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Excessive and Irregular Bleeding
From the GYN Diagnosis Articles List
What is excessive and irregular bleeding?
Beginning as early as age 9 and lasting until around age 50, women experience a monthly menstrual cycle which includes approximately two to seven days of vaginal bleeding. The amount of bleeding can vary and generally occurs every three to four weeks. For some women and girls, however, the bleeding can become excessive or irregular as the result of a gynecologic condition.
Some of the gynecologic conditions which can cause excessive bleeding and irregular periods include the following:
There are non-gynecologic issues that can cause abnormal period issues too: medications, stress, infection, eating disorders, diabetes, and thyroid issues, bleeding disorders, and more.
There are several different terms used to describe the various types of irregular and bleeding issues relating to your period. Infrequent, irregular, or absent periods are known as anovulatory bleeding. If you have heavy or prolonged menstrual bleeding, it is referred to as ovulatory bleeding. Menorrhagia is the term used to describe heavy periods. Amenorrhea is the medical term used to describe a lack of menstrual periods.
It's easy to know when you have missed a period or experience only light bleeding, however; it can be hard to know how much bleeding during your period is considered normal and how much is considered excessive. In general, you should not need to change your pad or tampon more than every couple hours, and you should not flood through your clothing. If you need to change a pad or tampon every hour for several hours in a row, you are experiencing excessive bleeding. Passing several clots or clots larger than a quarter can also signal heavy bleeding.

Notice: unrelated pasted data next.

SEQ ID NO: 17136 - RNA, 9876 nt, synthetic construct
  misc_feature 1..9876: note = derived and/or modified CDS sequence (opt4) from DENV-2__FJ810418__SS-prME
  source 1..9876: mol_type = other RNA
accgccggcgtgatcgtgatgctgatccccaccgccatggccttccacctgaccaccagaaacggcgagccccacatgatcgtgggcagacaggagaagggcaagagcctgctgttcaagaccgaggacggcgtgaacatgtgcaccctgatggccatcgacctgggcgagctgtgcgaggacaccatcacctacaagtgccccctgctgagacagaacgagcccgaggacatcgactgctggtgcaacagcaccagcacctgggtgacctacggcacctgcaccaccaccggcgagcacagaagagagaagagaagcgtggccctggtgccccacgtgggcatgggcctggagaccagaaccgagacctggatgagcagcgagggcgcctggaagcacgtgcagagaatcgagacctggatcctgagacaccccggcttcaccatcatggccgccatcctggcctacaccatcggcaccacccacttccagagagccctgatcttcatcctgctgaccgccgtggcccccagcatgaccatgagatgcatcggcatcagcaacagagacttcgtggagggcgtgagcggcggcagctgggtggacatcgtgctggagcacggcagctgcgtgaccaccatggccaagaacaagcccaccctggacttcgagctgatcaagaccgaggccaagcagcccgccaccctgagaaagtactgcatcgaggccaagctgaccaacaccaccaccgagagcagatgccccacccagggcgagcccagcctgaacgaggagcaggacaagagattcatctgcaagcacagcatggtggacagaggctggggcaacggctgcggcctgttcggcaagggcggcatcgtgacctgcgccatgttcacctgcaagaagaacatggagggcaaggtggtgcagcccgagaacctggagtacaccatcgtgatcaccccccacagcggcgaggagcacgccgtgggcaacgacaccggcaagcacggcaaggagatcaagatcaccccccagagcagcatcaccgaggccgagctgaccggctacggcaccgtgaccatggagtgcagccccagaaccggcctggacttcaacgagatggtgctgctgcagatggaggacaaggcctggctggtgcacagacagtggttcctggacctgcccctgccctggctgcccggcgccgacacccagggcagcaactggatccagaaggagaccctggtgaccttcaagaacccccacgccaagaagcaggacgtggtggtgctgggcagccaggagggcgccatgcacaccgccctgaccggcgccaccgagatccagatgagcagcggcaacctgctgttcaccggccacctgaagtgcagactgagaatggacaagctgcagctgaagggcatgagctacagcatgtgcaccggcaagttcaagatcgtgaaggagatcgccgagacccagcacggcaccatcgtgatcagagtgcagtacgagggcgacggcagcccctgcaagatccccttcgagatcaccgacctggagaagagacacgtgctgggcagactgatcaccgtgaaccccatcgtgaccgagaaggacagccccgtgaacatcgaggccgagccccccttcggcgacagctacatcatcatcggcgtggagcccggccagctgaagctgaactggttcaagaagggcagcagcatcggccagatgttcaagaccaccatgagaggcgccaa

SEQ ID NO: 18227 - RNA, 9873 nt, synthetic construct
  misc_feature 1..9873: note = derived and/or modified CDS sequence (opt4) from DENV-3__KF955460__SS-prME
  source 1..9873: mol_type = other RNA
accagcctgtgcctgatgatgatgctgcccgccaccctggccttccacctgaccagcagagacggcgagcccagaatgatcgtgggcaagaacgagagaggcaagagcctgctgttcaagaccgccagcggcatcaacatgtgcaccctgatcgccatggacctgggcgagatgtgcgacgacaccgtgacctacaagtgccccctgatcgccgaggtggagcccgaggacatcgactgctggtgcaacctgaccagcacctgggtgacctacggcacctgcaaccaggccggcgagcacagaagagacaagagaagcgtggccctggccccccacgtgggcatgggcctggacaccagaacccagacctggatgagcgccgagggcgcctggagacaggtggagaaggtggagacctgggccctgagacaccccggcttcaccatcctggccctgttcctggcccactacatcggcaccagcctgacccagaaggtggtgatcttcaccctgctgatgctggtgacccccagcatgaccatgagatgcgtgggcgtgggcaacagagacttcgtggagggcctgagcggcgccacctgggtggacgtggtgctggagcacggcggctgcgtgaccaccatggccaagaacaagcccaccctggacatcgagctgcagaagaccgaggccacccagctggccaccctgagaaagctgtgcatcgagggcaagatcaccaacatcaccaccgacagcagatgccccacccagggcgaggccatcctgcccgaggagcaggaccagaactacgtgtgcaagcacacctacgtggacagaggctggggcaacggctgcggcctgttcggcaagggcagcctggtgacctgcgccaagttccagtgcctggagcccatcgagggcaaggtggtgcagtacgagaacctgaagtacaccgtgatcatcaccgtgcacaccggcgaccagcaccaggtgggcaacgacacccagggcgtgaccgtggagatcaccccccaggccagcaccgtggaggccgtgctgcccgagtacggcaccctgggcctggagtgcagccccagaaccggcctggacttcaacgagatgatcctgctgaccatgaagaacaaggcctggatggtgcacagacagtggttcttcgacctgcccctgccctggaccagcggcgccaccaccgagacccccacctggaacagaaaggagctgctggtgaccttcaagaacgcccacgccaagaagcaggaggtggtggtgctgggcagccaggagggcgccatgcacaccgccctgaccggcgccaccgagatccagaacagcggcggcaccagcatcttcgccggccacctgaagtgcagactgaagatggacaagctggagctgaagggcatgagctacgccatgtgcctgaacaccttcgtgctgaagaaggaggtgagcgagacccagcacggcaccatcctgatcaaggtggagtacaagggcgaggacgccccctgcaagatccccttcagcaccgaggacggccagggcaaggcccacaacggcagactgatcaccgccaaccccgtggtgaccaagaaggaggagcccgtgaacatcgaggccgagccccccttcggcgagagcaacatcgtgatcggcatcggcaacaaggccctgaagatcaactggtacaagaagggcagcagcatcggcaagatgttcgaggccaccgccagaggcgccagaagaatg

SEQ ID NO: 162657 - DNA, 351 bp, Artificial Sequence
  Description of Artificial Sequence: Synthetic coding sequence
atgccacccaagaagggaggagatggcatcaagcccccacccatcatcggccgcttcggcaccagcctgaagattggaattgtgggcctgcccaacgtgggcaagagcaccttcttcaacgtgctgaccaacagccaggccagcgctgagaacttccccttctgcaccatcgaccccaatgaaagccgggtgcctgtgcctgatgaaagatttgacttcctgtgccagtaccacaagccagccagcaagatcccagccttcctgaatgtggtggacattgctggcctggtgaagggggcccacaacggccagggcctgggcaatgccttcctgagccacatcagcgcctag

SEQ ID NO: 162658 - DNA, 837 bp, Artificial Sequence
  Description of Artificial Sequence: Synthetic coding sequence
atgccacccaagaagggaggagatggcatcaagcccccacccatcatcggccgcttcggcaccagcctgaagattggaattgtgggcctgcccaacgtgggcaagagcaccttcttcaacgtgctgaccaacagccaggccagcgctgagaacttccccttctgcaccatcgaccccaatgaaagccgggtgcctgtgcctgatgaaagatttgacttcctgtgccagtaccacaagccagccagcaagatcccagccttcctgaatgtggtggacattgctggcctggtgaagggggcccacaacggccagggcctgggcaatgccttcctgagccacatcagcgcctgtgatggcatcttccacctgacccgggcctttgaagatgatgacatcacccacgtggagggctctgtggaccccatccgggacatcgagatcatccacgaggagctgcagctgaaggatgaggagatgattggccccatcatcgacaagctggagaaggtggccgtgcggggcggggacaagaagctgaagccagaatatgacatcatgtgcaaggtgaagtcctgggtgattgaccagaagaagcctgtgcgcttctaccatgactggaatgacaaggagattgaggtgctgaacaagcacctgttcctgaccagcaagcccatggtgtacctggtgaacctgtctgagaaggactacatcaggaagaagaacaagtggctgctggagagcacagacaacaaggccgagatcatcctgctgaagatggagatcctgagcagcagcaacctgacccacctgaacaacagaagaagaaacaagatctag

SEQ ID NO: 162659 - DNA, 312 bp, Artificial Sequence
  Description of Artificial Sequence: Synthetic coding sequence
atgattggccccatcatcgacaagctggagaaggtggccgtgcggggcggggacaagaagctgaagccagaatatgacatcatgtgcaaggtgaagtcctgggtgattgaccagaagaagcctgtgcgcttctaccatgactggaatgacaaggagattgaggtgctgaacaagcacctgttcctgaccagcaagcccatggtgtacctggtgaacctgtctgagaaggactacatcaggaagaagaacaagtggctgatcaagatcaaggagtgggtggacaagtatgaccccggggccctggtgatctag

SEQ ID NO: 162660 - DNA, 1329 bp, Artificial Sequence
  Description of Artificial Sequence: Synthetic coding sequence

While some women experience bleeding every 28 days, it’s not uncommon for there to be 21 or 35 days between each period. If your periods occur more or less often than those time frames or if the time frame changes frequently, you could be experiencing a gynecologic issue that is causing the irregular periods.
On occasion, you may have some spotting or bleeding in between your periods which is not necessarily a cause for concern. If, however, it occurs frequently or the bleeding is significant, you should speak to your doctor
. Abnormal uterine bleeding during perimenopause
can occur as your body goes through this time of life, but do talk to your doctor about the different changes that occur with your period. If you experience any spotting or bleeding after menopause
, however, you should immediately call your doctor as that is never normal.
Because excessive and abnormal uterine bleeding
can be caused by many things, it is important to keep detailed notes about your symptoms which you can share with your doctor. In your symptom diary
, keep track of how often you are changing your pads or tampons; whether or not you have clots and how big they are; the color and texture of any bleeding; how many days the bleeding lasts; how many days are between each bleeding episode; and any symptoms you experience from the bleeding e.g. tiredness, weakness, shortness of breath, etc. which could indicate anemia.
Though both your gynecologist and general practitioner may be able to help, you should never hesitate to seek a second opinion
about any bleeding or period concerns you may have. If you suspect there is a cancer concern or you have a strong family history of cancer, consulting with a gynecologic oncologist can be a wise move.
This content was written by staff of HysterSisters.com by non-medical professionals based on discussions, resources and input from other patients for the purpose of patient-to-patient support.
01-12-2015 - 09:03 PM
SHARING IS CARING
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